There are many articles and books being written about the future of the contact centre at present. Many are focused on the development of innovative new technologies, but the real future of the contact centre will be a blend of several factors:

  • Changing customer expectations
  • The changing customer journey
  • Innovation in supportive technologies

Let’s explore each of these factors in turn. First, there is a changing expectation from customers that is important to acknowledge. I recently tried calling my bank to deal with a card problem on a Sunday and heard a message saying the bank will open again on Monday. That was a disappointing experience – I called with the expectation that the bank would be open 24/7 because that’s how things usually work in 2018.

A recent feature in Forbes magazine suggested that 64% of customers expect brands to interact with them in real-time. Not waiting hours to respond to an email or chat message. They expect to be able to initiate an immediate dialogue. Most brands take several hours to respond to the most popular social channels so this is a challenge for them all.

The customer journey has changed dramatically as customers have become more connected. Smart devices and mobile Internet access has created an environment where customers can obtain information on products, read reviews, check prices, and all from a store or when browsing online. The old linear customer journey of seeing an advert, searching for more information, then making a purchase and possibly following the purchase with a customer service is history. Now customers may be in touch with a brand at any point in the journey – as well as accessing information from previous customers too.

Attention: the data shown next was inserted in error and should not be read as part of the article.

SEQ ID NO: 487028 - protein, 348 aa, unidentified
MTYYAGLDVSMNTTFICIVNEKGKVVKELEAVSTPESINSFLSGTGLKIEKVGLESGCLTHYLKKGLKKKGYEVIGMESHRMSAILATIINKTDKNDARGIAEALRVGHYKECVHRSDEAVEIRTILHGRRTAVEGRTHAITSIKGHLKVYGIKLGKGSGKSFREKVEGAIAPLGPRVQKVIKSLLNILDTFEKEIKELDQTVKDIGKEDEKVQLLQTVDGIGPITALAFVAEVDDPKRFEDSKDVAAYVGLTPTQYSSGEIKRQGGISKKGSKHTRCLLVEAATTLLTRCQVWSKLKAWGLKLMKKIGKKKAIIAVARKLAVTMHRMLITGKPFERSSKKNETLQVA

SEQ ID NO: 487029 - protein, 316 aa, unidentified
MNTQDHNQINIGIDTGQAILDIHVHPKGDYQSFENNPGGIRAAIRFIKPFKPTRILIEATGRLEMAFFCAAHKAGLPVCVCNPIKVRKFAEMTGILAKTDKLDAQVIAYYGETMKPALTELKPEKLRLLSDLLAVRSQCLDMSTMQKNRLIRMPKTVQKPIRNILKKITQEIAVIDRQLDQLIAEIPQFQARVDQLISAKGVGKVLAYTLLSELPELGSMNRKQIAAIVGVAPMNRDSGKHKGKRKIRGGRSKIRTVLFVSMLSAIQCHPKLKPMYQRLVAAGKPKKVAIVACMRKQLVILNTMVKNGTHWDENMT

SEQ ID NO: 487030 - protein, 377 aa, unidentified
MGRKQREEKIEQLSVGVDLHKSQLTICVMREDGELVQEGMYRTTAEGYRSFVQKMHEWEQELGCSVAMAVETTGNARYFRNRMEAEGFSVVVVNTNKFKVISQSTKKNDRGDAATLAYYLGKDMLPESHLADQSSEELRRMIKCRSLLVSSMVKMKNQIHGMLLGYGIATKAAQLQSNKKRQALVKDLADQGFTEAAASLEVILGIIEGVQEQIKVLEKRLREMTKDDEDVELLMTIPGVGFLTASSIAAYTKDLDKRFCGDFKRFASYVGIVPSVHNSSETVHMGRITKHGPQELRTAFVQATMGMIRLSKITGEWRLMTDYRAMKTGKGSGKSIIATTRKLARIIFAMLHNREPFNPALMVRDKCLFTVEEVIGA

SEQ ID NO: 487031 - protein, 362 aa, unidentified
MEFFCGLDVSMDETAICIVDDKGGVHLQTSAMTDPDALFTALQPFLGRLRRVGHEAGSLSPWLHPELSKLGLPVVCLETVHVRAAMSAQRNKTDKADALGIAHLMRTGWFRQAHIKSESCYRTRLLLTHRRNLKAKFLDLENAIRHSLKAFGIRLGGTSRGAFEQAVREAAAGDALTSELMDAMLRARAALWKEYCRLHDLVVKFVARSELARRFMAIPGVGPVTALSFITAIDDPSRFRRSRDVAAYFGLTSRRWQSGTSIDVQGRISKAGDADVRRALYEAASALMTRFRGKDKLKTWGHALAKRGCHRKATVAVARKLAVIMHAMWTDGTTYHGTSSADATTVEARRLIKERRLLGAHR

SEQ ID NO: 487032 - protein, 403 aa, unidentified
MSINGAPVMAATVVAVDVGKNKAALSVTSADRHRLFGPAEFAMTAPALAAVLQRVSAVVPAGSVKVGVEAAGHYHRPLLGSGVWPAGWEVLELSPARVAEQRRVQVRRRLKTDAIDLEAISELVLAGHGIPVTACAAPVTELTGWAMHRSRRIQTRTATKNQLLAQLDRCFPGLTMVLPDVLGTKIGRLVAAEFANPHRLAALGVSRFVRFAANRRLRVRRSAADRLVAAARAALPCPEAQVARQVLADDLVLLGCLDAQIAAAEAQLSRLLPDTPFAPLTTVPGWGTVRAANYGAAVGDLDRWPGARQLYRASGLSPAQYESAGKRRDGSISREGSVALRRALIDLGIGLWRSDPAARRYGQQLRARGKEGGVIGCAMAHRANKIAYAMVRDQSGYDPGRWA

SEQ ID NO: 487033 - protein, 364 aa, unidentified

Technologies that support agents can include machine learning systems. These capture every customer question that the contact centre has ever dealt with – along with the solution. An Artificial Intelligence platform can then support agents by tapping into this complete history and suggesting solutions to agents in real-time. Decision support is another useful technology that helps agents follow a sales path when the product is complex or has many variables. Choosing a new phone is a good example – by asking a few key questions about required features the system can lead the agent to relevant suggestions.

All these changes are taking place simultaneously and the important connecting thread is that there is a requirement for contact centre agents to play a much more important role than ever before. They need to move beyond a supportive customer service function into roles that require sales and marketing expertise. They need to adapt to the use of these supportive technologies and they need to be meeting these new customer expectations.

This combination of people, process, and technology changes is good news for contact centre workers. Not only is their role becoming more important, but they are being recognised for the value they can bring to the brand-customer relationship. This recognition is leading to real careers in operations, sales, and marketing, for the team members who start out working directly with customers in the contact centre.

Contact centre agents are increasingly the only link between brands and customers – especially as social networks become more important than traditional advertising. It’s important for all companies planning their customer service strategy to be aware of this and to recognise the valuable role these team members are providing. Let me know what you think by leaving a comment here or get in touch via my LinkedIn.